Oakland has supported the A's for 38 years, and this rich history cannot be compromised. A's fans have celebrated and suffered with this team, and almost two generations of A's fans have lived with their team playing Oakland. Help Keep the A's in Oakland and fight the move. Feel free to voice your opinion on topics by making comments on posts. Please, add your name or screen name to your comments, because the validity of your comment is hurt by being anonymous. Thanks and Go A's

Friday, May 19, 2006

River Cats fastest to five-million fans

Raley field opened in 2000, and has become one of the most beloved ballparks in the minors. With a seating capacity of a little less than 15 thousand, it only took the fanchise about 6 years to draw their five-millionth fan. The Cats are believed to be the fastest to reach that mark in Minor League history. Nina Muma was lucky 5 million and won two free trips: a ride around the warning track before the game (plus throwing out the first pitch) and a trip to Hawaii. She also won free River Cat tix for a year. Wow Nina! Talk about an ownership that respects and acknowledges it's fans. The people of Sacramento love their Cats and Raley field, and Alan Ledford, River Cats president, has figured out a way to create a really fan-friendly environment in his park. The combination of a competitive team, a decent stadium, and a fan-friendly ownership has made the River Cats one of the most successful minor league fanchises over the last 10 years.

Walter Haas was able to do this. Where Charlie 'O alienated many people and the A's didn't draw well even with a winning team, Haas understood how to deal with the masses and create a personal and friendly environment at his games and with the city. Schott and Hofmann lost that touch, and ran the fanchise into the ground. Wolff has yet to come close to Haas's level, but he shows signs he is capable of having human emotions and wanting to interact with his fans (i.e. sitting with common fans during games and doing interviews during broadcasts). If Wolff wants to reach that level, where fans are loyal to the team whether or not they are winning, he has to show respect and friendliness to the fans, and create an environment at A's games where a game becomes an experience not just another game. He can do this in his new staidum, but...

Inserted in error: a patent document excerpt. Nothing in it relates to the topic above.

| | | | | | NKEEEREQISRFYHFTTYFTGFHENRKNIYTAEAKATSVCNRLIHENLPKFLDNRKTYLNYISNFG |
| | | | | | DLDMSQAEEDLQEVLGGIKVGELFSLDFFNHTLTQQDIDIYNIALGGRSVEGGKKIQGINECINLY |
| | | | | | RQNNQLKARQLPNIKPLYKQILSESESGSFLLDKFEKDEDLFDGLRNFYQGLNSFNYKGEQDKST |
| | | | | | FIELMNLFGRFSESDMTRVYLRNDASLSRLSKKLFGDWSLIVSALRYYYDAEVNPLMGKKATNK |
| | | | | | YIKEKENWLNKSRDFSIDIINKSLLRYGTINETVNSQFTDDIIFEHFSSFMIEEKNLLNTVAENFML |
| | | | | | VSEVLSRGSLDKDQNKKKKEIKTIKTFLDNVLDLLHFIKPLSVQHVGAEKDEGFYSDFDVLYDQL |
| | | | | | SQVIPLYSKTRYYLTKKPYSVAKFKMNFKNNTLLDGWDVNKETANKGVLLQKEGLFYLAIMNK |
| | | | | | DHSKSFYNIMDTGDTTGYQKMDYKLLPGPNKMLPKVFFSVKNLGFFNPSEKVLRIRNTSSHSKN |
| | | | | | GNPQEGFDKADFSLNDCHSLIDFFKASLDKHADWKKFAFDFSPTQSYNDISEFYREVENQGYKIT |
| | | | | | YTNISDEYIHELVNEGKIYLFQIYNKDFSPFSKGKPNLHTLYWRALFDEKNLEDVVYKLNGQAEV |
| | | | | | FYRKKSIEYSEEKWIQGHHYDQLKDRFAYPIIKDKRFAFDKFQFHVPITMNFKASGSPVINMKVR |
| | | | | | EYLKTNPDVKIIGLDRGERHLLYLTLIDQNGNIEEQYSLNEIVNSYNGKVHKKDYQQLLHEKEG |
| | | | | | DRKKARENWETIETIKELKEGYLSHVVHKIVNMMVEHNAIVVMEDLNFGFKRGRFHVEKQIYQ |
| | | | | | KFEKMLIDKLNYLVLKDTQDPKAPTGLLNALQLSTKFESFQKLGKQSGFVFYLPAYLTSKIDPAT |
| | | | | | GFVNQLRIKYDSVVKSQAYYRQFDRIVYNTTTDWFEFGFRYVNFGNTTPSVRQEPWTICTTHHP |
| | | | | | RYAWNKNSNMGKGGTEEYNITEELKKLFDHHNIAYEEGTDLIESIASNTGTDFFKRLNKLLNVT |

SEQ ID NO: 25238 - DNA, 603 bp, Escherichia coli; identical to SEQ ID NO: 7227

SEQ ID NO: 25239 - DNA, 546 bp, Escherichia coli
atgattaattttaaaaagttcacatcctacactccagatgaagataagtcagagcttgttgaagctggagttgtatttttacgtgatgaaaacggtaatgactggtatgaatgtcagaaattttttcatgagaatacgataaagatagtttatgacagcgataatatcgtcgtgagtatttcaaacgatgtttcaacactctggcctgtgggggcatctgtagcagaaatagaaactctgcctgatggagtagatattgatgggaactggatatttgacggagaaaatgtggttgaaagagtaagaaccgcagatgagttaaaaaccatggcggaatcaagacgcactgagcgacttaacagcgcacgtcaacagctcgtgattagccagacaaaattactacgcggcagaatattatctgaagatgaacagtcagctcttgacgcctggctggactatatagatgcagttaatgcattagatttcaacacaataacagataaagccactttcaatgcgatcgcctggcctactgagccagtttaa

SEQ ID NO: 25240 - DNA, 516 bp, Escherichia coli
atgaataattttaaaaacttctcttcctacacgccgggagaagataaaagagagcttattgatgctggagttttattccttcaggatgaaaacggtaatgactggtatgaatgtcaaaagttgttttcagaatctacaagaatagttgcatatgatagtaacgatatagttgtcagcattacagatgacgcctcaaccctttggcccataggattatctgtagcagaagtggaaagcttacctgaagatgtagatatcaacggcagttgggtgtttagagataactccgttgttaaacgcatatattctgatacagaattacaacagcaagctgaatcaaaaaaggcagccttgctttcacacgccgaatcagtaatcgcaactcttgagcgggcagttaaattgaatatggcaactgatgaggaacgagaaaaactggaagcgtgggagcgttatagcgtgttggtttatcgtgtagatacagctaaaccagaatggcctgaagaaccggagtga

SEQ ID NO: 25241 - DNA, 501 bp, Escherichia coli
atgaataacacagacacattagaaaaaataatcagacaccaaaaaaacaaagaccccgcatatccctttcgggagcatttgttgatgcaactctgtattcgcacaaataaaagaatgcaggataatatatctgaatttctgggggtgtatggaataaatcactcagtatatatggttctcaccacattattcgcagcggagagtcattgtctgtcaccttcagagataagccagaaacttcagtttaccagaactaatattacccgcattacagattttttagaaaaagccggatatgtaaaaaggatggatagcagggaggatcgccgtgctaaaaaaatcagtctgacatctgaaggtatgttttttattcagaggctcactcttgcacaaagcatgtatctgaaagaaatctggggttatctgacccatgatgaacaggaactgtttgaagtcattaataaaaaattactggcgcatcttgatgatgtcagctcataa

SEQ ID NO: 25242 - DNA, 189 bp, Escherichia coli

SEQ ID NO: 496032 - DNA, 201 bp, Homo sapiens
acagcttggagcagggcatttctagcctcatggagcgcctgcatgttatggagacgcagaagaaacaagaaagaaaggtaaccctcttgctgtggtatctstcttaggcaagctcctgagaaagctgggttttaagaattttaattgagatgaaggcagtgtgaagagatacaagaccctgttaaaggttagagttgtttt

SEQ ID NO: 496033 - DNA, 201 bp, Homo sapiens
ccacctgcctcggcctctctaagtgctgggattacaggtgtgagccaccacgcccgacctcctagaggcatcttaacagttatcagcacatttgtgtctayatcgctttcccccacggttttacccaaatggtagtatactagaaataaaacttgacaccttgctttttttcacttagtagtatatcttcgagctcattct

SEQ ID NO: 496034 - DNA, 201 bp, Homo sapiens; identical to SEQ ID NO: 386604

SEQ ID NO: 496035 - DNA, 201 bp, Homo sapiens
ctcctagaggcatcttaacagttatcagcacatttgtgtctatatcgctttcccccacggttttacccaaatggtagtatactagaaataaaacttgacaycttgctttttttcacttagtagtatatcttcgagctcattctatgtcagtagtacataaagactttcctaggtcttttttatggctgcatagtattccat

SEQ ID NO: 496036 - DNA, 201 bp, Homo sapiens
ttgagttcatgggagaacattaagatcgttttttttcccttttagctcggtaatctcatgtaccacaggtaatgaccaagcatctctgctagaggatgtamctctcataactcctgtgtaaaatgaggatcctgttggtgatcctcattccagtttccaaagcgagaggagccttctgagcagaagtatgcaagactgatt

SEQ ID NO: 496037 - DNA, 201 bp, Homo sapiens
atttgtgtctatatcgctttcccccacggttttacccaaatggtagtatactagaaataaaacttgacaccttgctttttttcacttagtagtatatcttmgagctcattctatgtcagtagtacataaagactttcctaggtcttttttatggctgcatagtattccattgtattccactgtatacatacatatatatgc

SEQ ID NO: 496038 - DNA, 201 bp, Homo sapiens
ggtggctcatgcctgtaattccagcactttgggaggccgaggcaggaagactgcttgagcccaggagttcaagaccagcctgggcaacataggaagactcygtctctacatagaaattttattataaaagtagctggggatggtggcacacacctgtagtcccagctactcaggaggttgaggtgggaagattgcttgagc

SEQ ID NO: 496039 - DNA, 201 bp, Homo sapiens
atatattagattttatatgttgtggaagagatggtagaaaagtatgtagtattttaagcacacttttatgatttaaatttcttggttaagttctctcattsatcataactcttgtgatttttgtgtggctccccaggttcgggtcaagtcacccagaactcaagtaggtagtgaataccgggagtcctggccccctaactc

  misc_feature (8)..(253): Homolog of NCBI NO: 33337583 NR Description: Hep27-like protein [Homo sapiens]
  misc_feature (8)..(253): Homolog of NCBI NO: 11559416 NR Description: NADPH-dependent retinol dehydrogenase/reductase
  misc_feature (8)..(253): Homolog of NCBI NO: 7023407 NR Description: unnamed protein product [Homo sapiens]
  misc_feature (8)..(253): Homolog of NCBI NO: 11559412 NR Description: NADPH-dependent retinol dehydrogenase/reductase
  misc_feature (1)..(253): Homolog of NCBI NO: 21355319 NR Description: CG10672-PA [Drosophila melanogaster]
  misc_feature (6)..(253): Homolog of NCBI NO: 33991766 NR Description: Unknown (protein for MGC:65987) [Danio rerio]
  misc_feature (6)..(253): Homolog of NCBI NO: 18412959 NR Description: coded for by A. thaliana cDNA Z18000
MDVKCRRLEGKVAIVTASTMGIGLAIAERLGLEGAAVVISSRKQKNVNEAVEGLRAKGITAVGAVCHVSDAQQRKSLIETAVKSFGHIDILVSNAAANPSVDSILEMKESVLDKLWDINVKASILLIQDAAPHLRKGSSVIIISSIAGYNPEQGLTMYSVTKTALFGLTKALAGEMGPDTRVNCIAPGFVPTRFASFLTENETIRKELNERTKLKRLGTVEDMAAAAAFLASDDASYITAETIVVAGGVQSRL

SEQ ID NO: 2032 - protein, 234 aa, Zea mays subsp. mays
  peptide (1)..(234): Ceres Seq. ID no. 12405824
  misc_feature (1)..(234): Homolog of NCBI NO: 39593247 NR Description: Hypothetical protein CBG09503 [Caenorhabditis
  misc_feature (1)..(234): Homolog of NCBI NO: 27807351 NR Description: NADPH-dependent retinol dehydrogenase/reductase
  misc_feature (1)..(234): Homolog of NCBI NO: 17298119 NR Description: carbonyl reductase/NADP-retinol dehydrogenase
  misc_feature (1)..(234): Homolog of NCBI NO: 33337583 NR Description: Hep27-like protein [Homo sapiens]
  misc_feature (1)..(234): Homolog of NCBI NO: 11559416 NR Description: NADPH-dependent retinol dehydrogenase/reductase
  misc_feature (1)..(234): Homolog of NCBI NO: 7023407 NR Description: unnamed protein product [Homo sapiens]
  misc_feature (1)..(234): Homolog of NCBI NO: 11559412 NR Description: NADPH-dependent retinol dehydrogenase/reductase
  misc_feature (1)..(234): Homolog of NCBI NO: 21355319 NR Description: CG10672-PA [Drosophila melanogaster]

If Wolff can get a deal done in Oakland, and builds a stadium within the city, he will become a hero and legend among A's fans. Fans will love Lew Wolff and become even more loyal to the fanchise, especially if the park is as he says it will be. It won't matter to fans where he puts the park, next to the Coliseum or downtown, fans will go. If Wolff decides to leave Oakland, even if it's only 20 miles away, many A's fans will be hurt and disappointed, especially the ones that live North of the present Coliseum. The Haas family sold the team at a lower price to a buyer who would promise to keep the team in Oakland; the team has managed to remain the "Oakland" A's so far. The Raley field experience is one to model, and if he builds in Oakland, Wolff will get his name on a jersey on the outfield wall next with Haas.

9 Comments:

Blogger Georob said...

Walter Haas was from an extremely wealthy family that was supported many charitable causes. He saw the A's as a public entity as opposed to a business, and was willing to lose money on them(and probably did in the early years)

He also operated in a different time. Baseball was not yet dependent on corporate sales, box seating, and naming rights as they are today. Had he lived longer and kept the team, I'm sure he would have handled the new economics differently than Schott and Wolff did. We'll never know.

As fans, we can only do three things: Support the owners, NOT support the owners(as many have) or find a better owner to buy the team(good luck)

Or find city officials to work with the owners...

5/19/2006 3:19 PM

 
Blogger drummer510 said...

How do you explain Raley field then? or Pac Bell Park or St. Louis? You can be fan friendly and still make money; it doesn't have to be a "public entity".

5/20/2006 1:17 AM

 
Blogger Georob said...

At one time or another over the last five years, the Rivercats have probably had the best team in all the minor leagues. (And most of them are now in Oakland as a result)

Haas not only spent money on the "fan experience", but on player salaries, too. So did the Giants(Bonds) and Cardinals(Mulder)
But if I recall, the A's had the highest payroll in MLB baseball after their three World Series trips (from 88-90).

So yes, I DO believe that the A's could be spending more in that respect, and Lew Wolff has shown that he's willing to do so. But otherwise the comparsions to the Haas era are just not applicable for reasons I posted before.

Walter Haas saved baseball for Oakland for at least 30 years, assuming the team stays at the Coliseum through 2010. And by OK'ing the Giants territorial claim
to San Jose, he unknowingly saved baseball for the East Bay as well;
especially if they keep the name "Oakland" A's.

Work on the Oakland politicians, my friend.

5/20/2006 4:16 PM

 
Blogger Marine Layer said...

Sacramento and Memphis are wonderful examples of public-private partnerships and innovative ownership. However, economies of scale don't allow those examples to work when moved from the AAA model to the MLB model.

Raley Field is a publicly-funded stadium, built in West Sacramento because it wasn't politically viable in Sacramento. Goals set to pay off the stadium bonds were easily reachable with decent attendance, and the RiverCats have overachieved significantly in that regard. Look at it this way: the A's 2006 payroll is over $60 million. The RiverCats' is probably less than $1 million.

5/21/2006 1:57 PM

 
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